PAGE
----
Or the principal of the Christian school where I teach. When I come in to whine, he looks at me and just empathizes. “I’m so sorry.” He’ll stop what he’s doing and look me in the eye. He is not being one bit snarky. He just quietly reminds me that he can’t save me. (I’m not talking about real school problems he could help me solve.) All funky people need is empathy. I know the journey is really hard; Jesus is the only way.

    Pam

  13. Roger and Gerri March 18, 2010 at 11:28 am

    Wayne:
    So enjoyed your comments to this Brother. Many years ago we received some very wise counsel from Rev. Al Ells of Leaders That Last Ministries in Phoenix. That counsel has stood the test of time through 30 years in ministry. He said, “If you have 50 that you are ministering to, look among the 50 and find the 5 that are sincerely like minded with you. Take those 5 and pour everything you have into them for the season Father has them in your lives. Let the other 45 go. If you allow your mercy to keep you focused on the 45, you will miss the God given opportunity you have to really make a difference with the 5 who are hungry and really seeking to mature into Kingdom sons and daughters. Those 5 will go out and change their world.”
    Wayne, as we have followed this advice, we have found that Father is faithful to continue sending those who are hungry to us. We never have to go out and find them! We call this ‘no sweat ministry’!
    Blessings as always,
    Roger and Gerri

  14. Roger and Gerri March 18, 2010 at 2:28 pm

    Wayne:
    So enjoyed your comments to this Brother. Many years ago we received some very wise counsel from Rev. Al Ells of Leaders That Last Ministries in Phoenix. That counsel has stood the test of time through 30 years in ministry. He said, “If you have 50 that you are ministering to, look among the 50 and find the 5 that are sincerely like minded with you. Take those 5 and pour everything you have into them for the season Father has them in your lives. Let the other 45 go. If you allow your mercy to keep you focused on the 45, you will miss the God given opportunity you have to really make a difference with the 5 who are hungry and really seeking to mature into Kingdom sons and daughters. Those 5 will go out and change their world.”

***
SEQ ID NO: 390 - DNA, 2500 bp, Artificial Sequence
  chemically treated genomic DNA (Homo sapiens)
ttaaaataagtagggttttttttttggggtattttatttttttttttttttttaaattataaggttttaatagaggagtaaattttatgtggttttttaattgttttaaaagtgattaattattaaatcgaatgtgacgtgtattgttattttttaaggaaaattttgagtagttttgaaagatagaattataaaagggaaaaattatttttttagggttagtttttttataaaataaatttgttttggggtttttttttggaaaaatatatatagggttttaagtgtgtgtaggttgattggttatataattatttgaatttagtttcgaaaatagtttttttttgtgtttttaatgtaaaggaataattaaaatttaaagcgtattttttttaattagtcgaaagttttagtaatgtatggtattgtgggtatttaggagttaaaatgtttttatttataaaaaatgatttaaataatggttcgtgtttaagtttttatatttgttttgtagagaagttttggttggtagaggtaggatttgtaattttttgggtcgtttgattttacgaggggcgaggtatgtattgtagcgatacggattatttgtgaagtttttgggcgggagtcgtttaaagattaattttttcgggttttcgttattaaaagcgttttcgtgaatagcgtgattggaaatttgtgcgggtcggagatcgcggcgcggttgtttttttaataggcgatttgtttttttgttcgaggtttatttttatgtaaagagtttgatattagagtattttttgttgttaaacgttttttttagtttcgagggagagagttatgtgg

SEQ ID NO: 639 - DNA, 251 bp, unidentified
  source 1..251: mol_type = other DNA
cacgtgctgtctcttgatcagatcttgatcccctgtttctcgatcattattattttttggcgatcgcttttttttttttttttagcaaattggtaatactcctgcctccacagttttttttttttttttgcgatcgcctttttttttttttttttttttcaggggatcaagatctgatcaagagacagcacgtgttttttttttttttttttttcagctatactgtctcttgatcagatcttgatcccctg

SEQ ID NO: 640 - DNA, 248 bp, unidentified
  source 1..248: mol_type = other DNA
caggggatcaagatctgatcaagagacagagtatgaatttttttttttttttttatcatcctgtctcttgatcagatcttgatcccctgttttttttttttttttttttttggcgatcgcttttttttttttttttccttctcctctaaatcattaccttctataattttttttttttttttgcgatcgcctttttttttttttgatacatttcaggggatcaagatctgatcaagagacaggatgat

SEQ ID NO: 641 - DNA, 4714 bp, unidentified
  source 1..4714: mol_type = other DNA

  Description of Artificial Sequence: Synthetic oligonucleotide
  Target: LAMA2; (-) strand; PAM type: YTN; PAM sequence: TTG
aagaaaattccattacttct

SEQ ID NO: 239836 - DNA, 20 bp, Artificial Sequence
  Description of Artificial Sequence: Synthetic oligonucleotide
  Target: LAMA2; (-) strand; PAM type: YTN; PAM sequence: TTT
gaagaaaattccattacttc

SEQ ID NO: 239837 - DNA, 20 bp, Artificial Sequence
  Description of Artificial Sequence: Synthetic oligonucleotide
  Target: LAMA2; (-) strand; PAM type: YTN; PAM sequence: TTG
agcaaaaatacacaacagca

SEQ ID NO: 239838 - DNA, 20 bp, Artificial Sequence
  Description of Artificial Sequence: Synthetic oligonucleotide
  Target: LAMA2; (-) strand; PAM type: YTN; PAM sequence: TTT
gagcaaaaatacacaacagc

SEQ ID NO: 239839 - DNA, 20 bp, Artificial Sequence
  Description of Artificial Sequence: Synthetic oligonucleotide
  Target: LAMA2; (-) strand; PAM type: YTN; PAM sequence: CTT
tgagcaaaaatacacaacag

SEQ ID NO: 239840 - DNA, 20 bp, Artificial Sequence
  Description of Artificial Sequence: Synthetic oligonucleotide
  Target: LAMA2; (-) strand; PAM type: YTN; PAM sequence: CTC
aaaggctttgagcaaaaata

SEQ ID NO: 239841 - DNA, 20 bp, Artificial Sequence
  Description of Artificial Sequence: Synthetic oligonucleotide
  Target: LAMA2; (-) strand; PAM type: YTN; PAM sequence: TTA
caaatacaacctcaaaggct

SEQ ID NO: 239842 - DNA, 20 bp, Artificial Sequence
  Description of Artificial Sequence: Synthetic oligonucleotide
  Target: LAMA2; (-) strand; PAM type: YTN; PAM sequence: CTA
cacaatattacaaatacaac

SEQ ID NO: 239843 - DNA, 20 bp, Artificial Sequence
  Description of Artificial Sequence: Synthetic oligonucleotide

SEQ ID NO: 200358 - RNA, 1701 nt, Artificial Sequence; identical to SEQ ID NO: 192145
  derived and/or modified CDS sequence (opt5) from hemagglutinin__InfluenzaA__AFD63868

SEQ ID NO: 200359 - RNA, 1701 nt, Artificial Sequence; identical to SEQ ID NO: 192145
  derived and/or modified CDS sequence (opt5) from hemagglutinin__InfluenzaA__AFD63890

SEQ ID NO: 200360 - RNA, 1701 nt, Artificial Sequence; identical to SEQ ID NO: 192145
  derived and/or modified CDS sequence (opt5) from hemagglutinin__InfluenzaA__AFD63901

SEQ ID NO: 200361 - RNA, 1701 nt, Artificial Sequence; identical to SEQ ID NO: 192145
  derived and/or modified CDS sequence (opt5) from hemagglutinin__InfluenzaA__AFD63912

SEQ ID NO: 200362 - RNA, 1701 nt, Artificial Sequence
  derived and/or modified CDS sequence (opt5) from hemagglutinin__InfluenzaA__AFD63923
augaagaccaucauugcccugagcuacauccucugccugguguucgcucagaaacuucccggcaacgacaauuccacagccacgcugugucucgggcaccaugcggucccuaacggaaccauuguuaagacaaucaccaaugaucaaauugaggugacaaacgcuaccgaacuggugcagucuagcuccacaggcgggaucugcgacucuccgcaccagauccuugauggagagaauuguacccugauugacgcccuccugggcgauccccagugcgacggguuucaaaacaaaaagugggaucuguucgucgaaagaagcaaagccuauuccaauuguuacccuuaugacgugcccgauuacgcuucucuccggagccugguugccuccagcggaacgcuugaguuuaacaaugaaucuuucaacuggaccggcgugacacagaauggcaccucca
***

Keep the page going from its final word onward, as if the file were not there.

Wayne, as we have followed this advice, we have found that Father is faithful to continue sending those who are hungry to us. We never have to go out and find them! We call this ‘no sweat ministry’!
    Blessings as always,
    Roger and Gerri

  15. Doug March 19, 2010 at 6:16 am

    I think we generally see just the opposite, the few “core” gets starved, burned out and used up in an attempt by the Pastor to “wake up” the other 45. I have been of this opinion for sometime and so thanks for the “confirmation”.

    I have heard again and again that in any congregrations only about 20% are actively involved. I personally think of that 20% at least half are involved for all the wrong reasons, leaving maybe 10% really seeking. I’m still wrestling with this (so this is not a rhetorical question), does it make sense to maintain a building, provide child care, invest resources, etc for a meeting where 80-90% of the group are not involved?

  16. Doug March 19, 2010 at 9:16 am